Thus, it is even possible to suggest the usage of one, or more, IP Options fields for carrying the marking information, forcing packet length to be expanded by a few bits, at most 32 bits, for the router address, plus a number of bits equal to the logarithm of the number of External Interfaces per router.
Further mechanisms could be put in place to allow border routers connecting to other Autonomous Systems to remove intra-AS markings from IP packets, especially if this is implemented as IP Options, before routing traffic out of the AS.
As an example, the label “3.7” will mean Router 3 and Interface 7 within the subgroup being examined. The manner in which these labels are incorporated in the flow is shown by the packets 30 in the Figure. The labels R:3, I:2 indicate that the flow entered the subgroup on Interface 2 of Router 3.
Given an already existing topology, the administrator will be faced with the choices of the minimum number of bits to use and where to mark these bits in the IP packets. The possible tradeoffs are:
With the previous requirements in place the algorithm to trace a network flow proceeds as follows:
After all branches have been inspected, the Director signals all the remaining Marking Routers in the current subgroup to stop marking. Then, the process is applied recursively to all subgroups localized through the various steps of the tracing process.
The invention proposed here has several advantages over the prior art solutions.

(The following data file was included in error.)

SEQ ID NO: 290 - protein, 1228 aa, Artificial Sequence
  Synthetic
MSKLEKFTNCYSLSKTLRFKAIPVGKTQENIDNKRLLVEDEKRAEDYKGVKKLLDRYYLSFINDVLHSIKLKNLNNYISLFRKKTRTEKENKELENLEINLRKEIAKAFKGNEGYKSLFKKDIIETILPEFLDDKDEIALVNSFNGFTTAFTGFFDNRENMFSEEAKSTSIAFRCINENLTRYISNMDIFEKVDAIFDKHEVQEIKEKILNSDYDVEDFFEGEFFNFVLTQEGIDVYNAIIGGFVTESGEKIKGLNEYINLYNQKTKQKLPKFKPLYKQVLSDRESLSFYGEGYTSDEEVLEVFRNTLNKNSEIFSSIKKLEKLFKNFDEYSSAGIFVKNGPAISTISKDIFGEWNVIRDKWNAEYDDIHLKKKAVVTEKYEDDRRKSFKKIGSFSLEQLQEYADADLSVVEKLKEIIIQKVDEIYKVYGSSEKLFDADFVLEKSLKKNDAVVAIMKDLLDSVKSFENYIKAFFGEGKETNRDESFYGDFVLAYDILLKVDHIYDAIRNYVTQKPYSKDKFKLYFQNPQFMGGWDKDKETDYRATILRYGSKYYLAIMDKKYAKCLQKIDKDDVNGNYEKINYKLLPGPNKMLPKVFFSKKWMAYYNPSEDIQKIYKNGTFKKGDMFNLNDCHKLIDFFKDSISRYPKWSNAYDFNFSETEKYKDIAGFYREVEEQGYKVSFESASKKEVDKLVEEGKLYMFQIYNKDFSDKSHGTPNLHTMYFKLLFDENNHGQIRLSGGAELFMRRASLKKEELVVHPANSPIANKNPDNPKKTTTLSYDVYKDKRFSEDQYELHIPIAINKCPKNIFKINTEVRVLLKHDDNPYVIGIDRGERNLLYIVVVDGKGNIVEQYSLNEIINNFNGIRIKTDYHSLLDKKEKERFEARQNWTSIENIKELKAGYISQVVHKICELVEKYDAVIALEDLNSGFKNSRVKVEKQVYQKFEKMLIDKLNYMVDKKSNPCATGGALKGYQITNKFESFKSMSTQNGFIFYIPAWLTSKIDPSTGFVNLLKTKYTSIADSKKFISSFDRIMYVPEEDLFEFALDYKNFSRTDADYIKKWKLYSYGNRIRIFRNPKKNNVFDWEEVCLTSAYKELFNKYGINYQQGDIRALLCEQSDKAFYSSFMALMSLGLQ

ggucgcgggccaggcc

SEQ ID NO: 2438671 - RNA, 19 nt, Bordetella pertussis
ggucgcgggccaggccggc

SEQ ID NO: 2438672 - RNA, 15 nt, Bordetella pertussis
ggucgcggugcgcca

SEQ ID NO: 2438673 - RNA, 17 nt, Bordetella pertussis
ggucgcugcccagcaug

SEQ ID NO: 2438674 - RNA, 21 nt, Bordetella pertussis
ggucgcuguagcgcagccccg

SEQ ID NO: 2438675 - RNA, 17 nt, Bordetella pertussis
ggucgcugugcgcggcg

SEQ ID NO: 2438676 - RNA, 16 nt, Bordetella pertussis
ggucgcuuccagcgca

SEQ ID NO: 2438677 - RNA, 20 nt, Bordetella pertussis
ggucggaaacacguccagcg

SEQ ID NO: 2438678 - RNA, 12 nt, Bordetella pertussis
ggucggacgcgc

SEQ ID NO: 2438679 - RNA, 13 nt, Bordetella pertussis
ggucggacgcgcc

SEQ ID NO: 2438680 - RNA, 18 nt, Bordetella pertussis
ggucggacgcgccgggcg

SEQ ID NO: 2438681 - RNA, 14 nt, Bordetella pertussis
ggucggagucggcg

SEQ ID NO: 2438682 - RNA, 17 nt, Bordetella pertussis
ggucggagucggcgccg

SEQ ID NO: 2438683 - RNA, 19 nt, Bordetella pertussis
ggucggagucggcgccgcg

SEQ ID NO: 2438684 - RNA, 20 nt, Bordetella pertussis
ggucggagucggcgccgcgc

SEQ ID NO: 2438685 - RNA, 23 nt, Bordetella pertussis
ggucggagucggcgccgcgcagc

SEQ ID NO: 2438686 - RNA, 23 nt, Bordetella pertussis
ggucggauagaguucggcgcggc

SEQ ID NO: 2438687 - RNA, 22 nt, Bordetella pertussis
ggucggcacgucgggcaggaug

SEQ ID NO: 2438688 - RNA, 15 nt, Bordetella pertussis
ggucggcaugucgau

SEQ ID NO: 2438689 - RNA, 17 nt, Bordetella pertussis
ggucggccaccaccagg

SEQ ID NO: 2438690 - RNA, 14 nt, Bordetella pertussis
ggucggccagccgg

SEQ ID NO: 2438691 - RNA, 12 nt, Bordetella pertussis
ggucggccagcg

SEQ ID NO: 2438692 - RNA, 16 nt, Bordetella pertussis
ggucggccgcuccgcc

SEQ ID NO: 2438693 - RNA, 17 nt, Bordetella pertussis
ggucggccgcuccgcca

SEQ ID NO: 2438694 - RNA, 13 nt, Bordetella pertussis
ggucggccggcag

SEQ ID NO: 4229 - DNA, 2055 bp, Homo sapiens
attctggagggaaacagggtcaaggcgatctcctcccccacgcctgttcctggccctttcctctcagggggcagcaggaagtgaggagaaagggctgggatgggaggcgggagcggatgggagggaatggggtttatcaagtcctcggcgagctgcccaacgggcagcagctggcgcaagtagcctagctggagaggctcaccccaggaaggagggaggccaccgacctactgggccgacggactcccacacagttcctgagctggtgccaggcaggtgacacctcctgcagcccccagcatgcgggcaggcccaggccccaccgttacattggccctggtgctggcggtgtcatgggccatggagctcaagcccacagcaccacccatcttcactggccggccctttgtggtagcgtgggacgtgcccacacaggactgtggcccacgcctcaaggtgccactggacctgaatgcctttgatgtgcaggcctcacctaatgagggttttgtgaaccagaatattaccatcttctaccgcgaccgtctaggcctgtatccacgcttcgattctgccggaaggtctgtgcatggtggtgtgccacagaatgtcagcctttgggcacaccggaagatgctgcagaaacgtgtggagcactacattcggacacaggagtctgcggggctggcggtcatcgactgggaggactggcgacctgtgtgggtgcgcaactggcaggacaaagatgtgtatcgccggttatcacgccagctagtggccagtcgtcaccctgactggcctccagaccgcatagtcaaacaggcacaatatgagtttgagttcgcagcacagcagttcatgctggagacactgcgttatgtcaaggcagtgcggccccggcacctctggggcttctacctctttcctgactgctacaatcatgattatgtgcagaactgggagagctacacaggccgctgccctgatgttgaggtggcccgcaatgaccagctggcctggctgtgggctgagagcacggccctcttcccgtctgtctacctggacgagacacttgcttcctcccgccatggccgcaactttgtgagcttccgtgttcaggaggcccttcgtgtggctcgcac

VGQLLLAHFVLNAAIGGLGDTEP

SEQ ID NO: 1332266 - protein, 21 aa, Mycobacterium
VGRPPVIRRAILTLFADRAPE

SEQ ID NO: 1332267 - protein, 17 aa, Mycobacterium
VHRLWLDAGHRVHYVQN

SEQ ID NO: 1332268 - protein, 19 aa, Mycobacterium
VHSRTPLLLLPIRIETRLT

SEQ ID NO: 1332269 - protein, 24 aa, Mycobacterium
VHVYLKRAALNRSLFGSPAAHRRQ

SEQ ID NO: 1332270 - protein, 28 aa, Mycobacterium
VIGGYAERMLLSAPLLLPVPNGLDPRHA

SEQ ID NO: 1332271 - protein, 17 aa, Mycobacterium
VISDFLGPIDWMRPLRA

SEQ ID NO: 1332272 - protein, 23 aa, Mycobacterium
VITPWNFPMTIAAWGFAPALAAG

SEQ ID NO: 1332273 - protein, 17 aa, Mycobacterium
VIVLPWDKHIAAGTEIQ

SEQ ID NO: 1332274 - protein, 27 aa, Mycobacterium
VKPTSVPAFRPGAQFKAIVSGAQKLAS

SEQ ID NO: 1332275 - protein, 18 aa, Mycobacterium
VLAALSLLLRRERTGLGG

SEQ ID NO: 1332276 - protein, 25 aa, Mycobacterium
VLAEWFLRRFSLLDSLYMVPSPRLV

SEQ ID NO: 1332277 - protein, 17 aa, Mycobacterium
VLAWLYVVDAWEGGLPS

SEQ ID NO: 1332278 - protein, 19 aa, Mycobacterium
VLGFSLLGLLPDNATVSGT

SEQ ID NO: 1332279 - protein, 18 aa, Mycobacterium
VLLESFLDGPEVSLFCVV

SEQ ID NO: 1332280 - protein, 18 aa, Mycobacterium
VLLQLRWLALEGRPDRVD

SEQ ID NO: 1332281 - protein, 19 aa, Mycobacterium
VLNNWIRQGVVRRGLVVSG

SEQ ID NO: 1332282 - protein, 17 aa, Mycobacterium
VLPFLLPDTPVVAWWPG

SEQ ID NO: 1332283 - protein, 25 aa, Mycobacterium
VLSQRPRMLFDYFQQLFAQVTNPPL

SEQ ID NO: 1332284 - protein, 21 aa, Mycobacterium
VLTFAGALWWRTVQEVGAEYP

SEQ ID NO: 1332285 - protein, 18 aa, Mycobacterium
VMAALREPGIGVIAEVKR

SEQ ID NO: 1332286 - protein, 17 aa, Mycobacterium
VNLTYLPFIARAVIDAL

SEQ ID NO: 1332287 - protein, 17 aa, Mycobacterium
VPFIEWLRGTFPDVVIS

The Hop-by-Hop IP Trace back method lacks any optimization, requires close human intervention and forces routers to be set in some sort of debugging, diagnostic or logging mode in order to identify the incoming interface of an IP packet. Hop-by-Hop IP Trace back fails if any router along the upstream path lacks sufficient diagnostic capabilities or resources.
The present method can be fully automated and does not require routers to be configured in any special diagnostic mode. Moreover, this method is expected to localize the flow's source, for the AS, in two or three steps on average, and in the same number of steps as the Hop-by-Hop solution in the worst case. For example on an average size OSPF topology, while the Hop-by-Hop method might need 10-15 steps to trace a flow from the entry node in the backbone to the last edge router on an area, this solution will only need to inspect the backbone at the first step to localize the specific area and the area during the second step to localize the specific source.
In the case of iTrace there are a number of issues to be considered. First, it is extremely easy for an attacker to forge malicious ICMP packets aimed at confusing the real tracing process. Even if a Public Key Infrastructure (PKI) is deployed to overcome forged ICMP messages, then a victim will have to verify the signature of all the ICMP messages received—potentially including malicious ones—while under attack. Moreover, all routers in the AS will have to undergo the cost of signing, with a public key, ICMP messages with probability p.